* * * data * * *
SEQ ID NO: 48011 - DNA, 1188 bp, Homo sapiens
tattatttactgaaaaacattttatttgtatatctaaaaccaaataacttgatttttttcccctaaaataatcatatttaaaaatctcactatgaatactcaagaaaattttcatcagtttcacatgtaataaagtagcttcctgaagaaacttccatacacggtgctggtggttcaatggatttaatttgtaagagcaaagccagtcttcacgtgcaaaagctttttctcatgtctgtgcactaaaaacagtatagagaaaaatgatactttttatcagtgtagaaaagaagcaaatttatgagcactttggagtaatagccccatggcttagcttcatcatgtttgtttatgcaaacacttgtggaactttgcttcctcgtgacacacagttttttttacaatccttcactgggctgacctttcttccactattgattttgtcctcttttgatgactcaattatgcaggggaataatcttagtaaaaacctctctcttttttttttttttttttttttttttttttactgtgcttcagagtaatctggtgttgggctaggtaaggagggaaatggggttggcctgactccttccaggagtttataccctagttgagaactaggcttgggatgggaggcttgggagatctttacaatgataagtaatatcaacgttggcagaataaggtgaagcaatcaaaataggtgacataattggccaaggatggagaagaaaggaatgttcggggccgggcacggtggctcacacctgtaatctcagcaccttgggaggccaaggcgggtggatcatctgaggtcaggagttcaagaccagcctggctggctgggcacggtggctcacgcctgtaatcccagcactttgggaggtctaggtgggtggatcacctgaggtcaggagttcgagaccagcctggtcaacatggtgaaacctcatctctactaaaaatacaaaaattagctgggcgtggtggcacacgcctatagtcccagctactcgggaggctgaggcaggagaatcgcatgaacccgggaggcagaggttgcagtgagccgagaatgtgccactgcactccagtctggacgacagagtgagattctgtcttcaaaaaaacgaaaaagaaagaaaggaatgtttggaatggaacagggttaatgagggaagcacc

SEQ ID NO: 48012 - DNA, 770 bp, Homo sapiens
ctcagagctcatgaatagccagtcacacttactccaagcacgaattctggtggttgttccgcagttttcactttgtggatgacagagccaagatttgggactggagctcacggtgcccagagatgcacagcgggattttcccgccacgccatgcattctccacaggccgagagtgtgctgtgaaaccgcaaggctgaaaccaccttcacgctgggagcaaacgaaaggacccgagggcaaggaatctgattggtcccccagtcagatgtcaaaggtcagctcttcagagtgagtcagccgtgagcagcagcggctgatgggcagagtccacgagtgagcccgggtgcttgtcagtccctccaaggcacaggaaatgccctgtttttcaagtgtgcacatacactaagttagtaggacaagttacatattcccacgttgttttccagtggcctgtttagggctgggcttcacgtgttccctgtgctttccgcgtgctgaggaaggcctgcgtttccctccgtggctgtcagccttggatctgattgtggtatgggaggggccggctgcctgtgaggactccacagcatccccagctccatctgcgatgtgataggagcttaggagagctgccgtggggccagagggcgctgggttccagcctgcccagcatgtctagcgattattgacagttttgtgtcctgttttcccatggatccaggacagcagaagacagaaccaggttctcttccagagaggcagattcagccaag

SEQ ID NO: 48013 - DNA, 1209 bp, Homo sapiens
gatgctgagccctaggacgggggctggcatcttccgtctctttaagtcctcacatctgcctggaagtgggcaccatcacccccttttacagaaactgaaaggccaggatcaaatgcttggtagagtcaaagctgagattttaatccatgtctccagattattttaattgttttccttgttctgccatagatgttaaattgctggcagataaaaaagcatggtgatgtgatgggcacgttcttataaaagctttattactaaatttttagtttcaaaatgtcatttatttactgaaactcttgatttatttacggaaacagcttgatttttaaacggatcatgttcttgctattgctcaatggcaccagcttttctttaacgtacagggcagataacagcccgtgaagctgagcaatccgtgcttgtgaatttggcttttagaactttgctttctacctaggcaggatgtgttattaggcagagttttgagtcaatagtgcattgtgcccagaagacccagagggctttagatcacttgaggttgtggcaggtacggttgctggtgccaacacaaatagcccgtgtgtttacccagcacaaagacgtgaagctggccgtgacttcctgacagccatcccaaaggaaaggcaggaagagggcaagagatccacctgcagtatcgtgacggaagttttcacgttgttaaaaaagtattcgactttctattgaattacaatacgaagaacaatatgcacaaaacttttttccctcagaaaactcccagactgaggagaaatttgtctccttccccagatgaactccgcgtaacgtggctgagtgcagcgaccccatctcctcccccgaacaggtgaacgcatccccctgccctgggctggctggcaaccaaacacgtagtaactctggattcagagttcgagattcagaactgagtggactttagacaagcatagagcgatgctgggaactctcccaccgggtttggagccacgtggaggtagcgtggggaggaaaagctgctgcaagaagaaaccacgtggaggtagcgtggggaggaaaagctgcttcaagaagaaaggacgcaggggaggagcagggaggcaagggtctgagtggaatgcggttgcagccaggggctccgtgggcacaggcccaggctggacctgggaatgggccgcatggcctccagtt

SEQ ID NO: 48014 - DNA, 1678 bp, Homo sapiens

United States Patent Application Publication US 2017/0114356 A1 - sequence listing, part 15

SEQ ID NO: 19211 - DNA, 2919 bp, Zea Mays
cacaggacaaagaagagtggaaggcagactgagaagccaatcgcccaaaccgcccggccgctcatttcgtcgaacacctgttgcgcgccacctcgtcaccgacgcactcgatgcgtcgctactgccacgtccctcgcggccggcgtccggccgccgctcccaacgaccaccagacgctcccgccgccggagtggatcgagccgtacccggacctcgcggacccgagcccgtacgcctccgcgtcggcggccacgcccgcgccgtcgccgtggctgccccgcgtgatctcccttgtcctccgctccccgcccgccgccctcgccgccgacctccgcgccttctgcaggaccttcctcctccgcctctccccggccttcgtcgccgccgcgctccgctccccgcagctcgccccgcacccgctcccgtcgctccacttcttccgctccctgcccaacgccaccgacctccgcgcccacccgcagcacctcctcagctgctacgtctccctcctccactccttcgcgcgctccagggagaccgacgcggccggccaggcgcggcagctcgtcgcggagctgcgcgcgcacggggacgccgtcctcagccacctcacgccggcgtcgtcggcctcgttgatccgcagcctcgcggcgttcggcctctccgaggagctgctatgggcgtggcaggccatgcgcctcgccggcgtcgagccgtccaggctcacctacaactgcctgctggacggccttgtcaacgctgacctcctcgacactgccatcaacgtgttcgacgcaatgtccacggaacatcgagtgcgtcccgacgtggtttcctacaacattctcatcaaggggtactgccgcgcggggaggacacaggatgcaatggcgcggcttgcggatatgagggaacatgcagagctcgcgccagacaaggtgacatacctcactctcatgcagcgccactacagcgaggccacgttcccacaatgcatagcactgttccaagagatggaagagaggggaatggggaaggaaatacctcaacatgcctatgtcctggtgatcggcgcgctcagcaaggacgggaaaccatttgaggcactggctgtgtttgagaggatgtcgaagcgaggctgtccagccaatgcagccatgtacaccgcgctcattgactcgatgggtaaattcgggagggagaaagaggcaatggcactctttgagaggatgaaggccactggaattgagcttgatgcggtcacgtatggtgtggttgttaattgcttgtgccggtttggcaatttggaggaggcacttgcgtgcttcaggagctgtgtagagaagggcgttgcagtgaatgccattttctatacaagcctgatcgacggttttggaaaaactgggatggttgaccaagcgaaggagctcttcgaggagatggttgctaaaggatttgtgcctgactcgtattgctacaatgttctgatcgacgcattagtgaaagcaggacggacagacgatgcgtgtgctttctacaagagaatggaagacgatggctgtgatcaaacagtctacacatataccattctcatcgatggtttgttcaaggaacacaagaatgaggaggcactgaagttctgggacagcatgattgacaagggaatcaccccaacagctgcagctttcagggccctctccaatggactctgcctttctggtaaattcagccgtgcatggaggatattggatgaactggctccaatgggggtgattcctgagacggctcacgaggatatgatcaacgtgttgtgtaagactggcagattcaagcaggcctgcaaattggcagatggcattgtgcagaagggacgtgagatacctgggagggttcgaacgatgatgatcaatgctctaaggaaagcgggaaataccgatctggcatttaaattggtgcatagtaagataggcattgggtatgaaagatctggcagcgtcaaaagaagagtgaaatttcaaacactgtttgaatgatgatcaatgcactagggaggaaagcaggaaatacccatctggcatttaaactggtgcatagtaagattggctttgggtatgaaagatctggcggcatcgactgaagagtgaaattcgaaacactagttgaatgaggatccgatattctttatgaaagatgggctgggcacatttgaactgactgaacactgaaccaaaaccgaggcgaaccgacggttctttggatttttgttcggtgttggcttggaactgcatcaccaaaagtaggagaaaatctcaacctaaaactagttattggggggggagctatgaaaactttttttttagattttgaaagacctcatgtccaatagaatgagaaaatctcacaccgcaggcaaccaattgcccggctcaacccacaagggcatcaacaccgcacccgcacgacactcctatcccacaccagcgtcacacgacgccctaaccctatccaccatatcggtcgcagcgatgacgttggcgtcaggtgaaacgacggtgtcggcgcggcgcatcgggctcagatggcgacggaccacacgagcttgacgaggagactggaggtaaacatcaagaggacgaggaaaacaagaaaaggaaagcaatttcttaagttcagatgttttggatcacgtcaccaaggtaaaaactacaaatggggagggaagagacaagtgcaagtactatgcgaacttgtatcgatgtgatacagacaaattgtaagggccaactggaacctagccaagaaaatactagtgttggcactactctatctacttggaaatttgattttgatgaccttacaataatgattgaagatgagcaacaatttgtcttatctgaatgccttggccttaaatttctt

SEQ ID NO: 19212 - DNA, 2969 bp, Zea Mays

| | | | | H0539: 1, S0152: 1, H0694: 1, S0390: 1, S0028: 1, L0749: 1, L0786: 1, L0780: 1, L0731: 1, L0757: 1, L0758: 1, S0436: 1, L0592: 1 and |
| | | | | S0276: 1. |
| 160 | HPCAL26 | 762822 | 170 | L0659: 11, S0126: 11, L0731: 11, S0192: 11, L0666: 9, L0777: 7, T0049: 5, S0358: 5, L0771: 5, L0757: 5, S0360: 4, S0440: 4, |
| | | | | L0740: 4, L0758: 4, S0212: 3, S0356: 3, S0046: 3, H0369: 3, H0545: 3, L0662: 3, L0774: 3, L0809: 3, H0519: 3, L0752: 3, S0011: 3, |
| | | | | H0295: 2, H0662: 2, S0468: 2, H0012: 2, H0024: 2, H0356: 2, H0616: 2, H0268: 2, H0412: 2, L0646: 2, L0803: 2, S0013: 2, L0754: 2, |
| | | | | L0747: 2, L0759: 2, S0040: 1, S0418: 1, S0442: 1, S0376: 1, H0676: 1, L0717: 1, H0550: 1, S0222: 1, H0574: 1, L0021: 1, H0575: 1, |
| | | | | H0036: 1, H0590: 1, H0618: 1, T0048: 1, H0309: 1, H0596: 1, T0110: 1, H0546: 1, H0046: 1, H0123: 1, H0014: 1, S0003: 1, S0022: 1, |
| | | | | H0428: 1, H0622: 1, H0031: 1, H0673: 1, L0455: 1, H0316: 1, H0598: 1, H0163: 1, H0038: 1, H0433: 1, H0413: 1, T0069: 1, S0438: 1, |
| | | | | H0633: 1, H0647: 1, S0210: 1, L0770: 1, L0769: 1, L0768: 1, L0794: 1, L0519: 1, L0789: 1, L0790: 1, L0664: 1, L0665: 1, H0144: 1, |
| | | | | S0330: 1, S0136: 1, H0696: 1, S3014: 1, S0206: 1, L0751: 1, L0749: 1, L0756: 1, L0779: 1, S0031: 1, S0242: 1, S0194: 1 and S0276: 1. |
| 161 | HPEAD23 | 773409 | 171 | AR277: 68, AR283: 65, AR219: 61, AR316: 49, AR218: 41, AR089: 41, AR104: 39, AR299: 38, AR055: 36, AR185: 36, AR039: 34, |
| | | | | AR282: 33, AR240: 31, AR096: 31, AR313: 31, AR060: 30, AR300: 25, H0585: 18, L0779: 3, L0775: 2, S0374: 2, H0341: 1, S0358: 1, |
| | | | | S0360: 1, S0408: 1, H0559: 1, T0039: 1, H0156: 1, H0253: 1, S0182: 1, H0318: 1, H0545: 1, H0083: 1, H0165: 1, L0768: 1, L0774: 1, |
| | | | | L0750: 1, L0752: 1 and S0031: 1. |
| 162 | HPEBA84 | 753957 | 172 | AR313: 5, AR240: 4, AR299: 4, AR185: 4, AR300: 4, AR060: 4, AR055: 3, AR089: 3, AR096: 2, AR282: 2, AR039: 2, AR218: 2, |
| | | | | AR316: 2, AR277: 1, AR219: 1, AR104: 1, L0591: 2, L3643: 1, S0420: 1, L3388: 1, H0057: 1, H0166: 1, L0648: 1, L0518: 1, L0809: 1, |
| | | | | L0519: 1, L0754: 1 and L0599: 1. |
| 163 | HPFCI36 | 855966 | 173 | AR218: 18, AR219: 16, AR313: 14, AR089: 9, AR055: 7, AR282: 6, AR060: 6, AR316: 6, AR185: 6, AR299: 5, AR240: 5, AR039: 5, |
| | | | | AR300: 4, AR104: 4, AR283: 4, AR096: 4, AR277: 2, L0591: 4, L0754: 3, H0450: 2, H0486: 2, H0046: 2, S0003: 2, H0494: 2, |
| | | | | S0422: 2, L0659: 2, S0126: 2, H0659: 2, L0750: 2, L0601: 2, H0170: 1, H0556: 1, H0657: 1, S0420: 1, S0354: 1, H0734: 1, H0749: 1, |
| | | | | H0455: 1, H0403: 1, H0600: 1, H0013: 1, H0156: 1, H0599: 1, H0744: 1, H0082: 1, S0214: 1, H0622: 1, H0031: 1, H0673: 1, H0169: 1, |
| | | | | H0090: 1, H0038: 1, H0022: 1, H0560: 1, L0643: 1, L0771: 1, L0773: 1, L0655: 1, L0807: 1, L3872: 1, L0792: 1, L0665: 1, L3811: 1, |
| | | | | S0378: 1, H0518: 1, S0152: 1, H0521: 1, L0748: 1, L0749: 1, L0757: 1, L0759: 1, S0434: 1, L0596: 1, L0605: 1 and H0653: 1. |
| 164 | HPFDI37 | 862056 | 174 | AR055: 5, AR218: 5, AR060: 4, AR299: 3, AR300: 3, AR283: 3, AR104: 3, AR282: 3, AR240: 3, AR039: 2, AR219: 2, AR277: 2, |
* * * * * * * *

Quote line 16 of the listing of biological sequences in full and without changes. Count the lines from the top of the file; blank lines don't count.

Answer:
| | | | | H0295: 2, H0662: 2, S0468: 2, H0012: 2, H0024: 2, H0356: 2, H0616: 2, H0268: 2, H0412: 2, L0646: 2, L0803: 2, S0013: 2, L0754: 2, |